Marley’s Ghost "A Christmas Carol"
Summary: The author of the story “A Christmas Carol” is Charles Dickens – one of the most popular Victorian writers. His lifetime was from 1812 to 1870 during which he created many famous literary works. This work appeared to society in December 1844, in the years of his maturity. Before its appearance in the format of book it was officially originally published in press.
Dickens labels the chapters of the carol as Staves in reference to the musical notation staff - a Christmas carol, after all, is a song. We looked at the stave one that is named “Marley’s Ghost”.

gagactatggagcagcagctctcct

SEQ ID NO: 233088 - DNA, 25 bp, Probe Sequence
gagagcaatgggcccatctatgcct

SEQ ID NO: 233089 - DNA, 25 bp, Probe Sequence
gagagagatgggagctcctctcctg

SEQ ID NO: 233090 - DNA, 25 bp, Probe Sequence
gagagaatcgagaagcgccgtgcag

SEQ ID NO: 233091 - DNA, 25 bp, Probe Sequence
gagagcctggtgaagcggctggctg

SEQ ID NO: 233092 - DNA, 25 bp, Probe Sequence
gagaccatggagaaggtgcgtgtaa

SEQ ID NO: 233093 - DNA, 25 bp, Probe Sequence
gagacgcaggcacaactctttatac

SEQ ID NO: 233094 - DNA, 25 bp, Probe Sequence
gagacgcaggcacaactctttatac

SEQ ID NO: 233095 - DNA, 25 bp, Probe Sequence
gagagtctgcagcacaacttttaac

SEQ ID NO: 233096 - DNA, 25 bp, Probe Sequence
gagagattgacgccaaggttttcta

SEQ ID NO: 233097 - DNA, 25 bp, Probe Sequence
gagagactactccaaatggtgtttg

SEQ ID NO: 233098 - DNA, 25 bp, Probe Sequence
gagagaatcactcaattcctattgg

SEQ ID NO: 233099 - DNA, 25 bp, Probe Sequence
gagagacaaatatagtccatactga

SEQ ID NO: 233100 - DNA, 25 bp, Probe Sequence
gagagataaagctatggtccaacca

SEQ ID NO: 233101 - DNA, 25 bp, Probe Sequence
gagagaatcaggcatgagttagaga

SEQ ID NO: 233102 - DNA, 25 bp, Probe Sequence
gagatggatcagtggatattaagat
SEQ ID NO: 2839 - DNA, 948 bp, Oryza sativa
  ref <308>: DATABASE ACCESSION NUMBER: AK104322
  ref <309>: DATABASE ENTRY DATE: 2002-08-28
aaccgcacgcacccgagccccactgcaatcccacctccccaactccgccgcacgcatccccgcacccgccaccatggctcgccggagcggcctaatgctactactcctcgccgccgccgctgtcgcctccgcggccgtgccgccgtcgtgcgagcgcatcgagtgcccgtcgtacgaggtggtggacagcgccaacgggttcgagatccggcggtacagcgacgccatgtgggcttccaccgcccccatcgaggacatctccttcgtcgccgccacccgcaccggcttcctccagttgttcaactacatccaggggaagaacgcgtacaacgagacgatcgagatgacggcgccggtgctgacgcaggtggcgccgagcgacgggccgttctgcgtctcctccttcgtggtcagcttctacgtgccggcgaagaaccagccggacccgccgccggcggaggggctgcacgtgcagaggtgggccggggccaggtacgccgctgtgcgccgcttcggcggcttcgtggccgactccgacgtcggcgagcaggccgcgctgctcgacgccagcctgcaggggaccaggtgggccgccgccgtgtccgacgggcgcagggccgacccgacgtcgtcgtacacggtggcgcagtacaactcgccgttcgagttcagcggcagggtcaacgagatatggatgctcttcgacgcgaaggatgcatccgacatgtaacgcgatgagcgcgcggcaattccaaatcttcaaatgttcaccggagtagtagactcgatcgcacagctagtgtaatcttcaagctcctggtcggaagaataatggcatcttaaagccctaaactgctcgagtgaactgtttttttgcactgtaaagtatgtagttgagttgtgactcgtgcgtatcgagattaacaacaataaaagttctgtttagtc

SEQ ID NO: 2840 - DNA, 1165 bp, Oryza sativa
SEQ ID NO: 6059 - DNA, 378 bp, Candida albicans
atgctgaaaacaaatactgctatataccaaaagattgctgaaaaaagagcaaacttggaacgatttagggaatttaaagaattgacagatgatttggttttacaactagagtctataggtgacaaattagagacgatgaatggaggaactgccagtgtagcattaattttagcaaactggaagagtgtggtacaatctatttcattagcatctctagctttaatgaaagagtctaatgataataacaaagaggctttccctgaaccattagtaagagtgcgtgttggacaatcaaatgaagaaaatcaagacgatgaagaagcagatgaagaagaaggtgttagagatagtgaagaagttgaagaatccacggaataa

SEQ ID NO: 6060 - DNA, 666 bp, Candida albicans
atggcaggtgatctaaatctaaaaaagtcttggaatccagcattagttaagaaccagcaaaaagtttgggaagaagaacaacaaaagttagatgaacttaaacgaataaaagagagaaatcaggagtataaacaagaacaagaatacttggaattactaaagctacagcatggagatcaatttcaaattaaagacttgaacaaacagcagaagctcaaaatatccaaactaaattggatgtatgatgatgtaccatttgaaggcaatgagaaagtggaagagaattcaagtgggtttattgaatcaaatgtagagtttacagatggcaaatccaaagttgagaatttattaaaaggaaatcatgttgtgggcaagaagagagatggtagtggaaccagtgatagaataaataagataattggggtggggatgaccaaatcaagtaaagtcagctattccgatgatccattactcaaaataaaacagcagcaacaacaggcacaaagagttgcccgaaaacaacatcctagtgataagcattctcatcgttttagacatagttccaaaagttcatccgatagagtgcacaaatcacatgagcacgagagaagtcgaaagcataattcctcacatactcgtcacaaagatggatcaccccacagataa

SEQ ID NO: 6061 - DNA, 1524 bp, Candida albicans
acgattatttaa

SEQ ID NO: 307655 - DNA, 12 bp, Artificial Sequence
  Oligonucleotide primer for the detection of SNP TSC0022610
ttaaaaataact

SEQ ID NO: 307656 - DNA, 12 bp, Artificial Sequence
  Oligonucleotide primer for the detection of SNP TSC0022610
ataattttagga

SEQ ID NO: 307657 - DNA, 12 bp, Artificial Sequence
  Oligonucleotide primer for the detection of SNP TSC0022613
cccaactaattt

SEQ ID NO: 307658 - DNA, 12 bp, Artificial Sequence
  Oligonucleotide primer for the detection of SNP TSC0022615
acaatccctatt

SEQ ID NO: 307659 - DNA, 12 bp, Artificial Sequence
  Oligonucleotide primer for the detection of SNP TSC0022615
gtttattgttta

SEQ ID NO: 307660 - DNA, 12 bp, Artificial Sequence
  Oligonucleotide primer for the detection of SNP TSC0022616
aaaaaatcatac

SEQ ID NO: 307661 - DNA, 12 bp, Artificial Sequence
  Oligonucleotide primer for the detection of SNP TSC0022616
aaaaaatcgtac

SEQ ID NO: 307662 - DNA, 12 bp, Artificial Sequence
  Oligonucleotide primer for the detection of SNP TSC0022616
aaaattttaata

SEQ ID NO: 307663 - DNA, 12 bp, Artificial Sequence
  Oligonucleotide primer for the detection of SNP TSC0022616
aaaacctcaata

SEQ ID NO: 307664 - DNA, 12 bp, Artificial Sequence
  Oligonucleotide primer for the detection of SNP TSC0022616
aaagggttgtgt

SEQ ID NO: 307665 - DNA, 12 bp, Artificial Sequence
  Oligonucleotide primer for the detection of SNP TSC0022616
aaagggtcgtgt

In the beginning of the story the narrator informs the reader about the Marley that he is dead and that he was a close man to Scrooge. This notion of death does not bring any positive thought in the readers mind already from the very beginning. The narrator repeats for many times that Marley is dead as to realize and receive it properly. Reader understands it from the first time but the narrator tells it many times to himself. After narrator has introduced readers with Marley’s death he passes to Scrooge and his firm which he used to earn together with Marley. Scrooge is told to be an old sinner who is,” Hard and sharp as flint, from which no steel had ever struck out generous fire; secret, and self – contained, and solitary as an oyster. The cold within him froze (..)”1 This is only a little part of Scrooge’s splendid profile in this carol. Due the narrator tells about Scrooge as a man who is indifferent to people around him, that people do not love him. But this was the thing that Scrooge liked. Scrooge, with his Bah! Humbug! attitude, embodies all that dampens Christmas spirit - greed, selfishness, indifference, and a lack of consideration for one's fellow man.…
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